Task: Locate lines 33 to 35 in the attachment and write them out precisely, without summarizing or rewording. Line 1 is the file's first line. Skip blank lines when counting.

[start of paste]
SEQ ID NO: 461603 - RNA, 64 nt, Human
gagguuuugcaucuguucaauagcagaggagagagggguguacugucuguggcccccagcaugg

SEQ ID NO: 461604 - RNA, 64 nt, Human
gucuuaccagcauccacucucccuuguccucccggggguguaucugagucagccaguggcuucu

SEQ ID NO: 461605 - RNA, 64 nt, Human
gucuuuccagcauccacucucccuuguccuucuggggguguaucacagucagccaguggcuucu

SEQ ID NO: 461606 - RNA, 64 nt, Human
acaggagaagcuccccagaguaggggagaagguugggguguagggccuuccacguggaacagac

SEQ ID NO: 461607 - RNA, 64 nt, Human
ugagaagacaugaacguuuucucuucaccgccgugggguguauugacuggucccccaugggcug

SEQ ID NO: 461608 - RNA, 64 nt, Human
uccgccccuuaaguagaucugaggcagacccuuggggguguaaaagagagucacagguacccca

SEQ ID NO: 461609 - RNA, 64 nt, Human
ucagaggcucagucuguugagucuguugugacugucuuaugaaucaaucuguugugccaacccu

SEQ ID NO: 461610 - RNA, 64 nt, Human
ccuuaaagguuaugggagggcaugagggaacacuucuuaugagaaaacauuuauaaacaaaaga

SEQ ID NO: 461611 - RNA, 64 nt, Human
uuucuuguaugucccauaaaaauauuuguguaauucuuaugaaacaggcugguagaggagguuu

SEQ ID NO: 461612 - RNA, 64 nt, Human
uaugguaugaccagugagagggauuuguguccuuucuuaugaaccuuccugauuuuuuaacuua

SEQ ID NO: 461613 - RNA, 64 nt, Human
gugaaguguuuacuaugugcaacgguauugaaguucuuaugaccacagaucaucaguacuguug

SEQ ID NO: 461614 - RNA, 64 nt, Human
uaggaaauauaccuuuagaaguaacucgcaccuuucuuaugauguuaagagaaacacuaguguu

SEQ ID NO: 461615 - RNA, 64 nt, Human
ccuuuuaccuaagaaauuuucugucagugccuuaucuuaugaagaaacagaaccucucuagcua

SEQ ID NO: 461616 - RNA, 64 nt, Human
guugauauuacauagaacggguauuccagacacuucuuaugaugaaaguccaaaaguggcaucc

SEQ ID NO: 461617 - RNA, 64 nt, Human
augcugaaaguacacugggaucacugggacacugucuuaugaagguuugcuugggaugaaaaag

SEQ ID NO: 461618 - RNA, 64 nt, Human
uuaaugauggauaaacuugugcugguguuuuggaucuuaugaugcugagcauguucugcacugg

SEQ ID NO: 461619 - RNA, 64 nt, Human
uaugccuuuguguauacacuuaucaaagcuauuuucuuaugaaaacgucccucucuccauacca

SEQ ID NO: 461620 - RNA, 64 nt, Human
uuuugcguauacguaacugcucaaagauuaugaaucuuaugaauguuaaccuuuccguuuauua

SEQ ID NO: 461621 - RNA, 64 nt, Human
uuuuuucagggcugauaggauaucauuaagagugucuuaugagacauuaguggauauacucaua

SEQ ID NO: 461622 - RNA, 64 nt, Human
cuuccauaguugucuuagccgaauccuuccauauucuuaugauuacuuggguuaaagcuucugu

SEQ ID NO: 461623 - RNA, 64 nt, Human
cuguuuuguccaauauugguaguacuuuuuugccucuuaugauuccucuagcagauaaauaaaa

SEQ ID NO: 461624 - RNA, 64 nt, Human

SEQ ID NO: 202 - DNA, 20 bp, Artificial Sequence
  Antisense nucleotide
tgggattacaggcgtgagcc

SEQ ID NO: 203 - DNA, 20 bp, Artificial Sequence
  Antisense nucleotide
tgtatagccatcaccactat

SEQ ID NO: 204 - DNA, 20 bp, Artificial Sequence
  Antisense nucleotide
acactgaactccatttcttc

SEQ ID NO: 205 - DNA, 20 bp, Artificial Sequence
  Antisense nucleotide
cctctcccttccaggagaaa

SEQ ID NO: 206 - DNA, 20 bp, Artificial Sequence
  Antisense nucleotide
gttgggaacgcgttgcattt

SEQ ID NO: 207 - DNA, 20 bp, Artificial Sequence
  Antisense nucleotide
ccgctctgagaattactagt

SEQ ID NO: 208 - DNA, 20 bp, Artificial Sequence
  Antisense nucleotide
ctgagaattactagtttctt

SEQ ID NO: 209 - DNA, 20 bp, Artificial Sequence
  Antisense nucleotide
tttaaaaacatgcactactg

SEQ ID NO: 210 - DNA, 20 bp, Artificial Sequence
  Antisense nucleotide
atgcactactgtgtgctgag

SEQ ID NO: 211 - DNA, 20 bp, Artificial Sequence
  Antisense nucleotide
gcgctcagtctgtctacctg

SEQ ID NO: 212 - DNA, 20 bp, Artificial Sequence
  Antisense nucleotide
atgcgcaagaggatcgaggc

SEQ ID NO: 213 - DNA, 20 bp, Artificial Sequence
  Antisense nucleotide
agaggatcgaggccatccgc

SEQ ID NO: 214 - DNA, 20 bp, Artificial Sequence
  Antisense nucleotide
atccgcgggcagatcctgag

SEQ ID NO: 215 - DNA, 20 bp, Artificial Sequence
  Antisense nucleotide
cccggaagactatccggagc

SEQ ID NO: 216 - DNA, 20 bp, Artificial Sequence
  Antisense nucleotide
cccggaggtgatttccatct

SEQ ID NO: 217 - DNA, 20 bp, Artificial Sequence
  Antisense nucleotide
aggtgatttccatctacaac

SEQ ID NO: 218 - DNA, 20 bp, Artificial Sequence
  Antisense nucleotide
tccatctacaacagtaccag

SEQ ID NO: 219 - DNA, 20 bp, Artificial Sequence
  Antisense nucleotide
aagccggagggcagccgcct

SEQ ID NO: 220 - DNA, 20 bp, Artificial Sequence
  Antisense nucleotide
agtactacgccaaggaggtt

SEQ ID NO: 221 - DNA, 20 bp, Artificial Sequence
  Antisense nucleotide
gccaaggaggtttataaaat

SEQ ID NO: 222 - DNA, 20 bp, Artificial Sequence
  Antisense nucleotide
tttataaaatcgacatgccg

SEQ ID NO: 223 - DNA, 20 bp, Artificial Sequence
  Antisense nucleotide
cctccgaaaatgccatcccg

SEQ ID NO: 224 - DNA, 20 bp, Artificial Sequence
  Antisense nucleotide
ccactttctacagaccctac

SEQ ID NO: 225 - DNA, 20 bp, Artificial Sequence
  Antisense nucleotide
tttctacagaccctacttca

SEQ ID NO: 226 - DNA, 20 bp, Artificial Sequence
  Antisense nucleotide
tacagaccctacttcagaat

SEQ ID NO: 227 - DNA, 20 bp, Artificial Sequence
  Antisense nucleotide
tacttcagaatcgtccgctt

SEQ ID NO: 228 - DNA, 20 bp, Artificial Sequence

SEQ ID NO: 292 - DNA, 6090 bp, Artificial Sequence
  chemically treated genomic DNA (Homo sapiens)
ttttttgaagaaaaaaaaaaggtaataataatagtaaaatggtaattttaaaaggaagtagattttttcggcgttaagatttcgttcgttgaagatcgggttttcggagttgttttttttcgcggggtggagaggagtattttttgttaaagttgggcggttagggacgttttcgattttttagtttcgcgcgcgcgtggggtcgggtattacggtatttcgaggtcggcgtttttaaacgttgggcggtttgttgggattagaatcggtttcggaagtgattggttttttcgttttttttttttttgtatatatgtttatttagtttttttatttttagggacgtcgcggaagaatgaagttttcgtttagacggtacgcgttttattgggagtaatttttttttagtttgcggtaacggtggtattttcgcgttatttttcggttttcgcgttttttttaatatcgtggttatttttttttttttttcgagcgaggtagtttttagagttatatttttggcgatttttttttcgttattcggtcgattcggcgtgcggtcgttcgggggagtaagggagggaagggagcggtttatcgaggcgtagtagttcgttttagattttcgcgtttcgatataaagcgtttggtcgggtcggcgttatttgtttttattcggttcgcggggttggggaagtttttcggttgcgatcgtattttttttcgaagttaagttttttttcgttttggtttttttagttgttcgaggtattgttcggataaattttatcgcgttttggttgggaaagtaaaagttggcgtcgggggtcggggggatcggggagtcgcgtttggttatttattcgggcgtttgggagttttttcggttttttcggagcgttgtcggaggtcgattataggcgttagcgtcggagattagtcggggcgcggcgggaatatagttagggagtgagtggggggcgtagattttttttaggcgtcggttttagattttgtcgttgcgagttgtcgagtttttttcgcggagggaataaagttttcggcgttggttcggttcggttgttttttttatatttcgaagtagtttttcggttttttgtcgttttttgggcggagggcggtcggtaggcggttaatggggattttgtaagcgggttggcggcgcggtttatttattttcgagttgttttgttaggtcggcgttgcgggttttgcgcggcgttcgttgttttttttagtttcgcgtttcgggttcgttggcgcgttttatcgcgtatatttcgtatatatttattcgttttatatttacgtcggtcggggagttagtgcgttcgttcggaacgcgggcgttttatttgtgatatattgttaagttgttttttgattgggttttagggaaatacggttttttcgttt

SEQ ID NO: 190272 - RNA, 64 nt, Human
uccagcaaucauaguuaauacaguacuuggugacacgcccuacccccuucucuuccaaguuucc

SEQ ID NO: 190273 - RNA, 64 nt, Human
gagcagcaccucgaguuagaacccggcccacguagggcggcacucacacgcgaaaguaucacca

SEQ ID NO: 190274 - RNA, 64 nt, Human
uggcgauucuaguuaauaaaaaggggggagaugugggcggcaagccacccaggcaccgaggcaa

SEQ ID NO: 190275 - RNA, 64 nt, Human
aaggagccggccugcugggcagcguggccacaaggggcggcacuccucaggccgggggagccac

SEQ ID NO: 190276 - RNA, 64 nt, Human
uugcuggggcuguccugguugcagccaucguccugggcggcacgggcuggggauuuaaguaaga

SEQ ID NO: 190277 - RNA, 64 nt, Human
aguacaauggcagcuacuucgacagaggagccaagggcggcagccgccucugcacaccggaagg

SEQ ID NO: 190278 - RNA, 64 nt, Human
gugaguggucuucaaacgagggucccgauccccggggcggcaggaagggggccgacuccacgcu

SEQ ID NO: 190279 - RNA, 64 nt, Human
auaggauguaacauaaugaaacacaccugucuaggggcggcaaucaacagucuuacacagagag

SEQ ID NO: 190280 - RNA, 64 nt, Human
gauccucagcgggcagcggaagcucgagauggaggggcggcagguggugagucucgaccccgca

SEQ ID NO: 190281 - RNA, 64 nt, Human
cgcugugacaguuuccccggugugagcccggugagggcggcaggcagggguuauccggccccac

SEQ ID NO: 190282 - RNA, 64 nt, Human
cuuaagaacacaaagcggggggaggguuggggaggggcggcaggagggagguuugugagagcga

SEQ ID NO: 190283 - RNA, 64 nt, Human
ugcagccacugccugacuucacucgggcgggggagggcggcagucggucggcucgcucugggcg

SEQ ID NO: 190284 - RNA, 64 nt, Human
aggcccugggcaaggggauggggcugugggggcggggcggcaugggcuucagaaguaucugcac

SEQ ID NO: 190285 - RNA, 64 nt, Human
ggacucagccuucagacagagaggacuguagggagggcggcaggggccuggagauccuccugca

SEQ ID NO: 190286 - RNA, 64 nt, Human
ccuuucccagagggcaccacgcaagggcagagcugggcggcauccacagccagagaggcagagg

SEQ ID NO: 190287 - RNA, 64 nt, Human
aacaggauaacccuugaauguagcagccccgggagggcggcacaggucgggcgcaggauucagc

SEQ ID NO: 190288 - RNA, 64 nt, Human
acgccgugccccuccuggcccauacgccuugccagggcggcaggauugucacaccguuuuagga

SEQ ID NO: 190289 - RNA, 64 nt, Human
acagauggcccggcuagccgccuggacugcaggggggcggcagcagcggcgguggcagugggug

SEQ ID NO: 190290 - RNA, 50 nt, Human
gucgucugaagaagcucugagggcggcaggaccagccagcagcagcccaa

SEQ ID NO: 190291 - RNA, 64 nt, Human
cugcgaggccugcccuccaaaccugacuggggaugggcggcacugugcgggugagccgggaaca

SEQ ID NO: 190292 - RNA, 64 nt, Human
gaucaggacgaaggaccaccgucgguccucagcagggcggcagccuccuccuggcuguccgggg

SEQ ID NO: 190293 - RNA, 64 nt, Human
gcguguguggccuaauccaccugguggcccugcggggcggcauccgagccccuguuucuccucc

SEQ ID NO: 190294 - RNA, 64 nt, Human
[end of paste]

SEQ ID NO: 461619 - RNA, 64 nt, Human
uaugccuuuguguauacacuuaucaaagcuauuuucuuaugaaaacgucccucucuccauacca

SEQ ID NO: 461620 - RNA, 64 nt, Human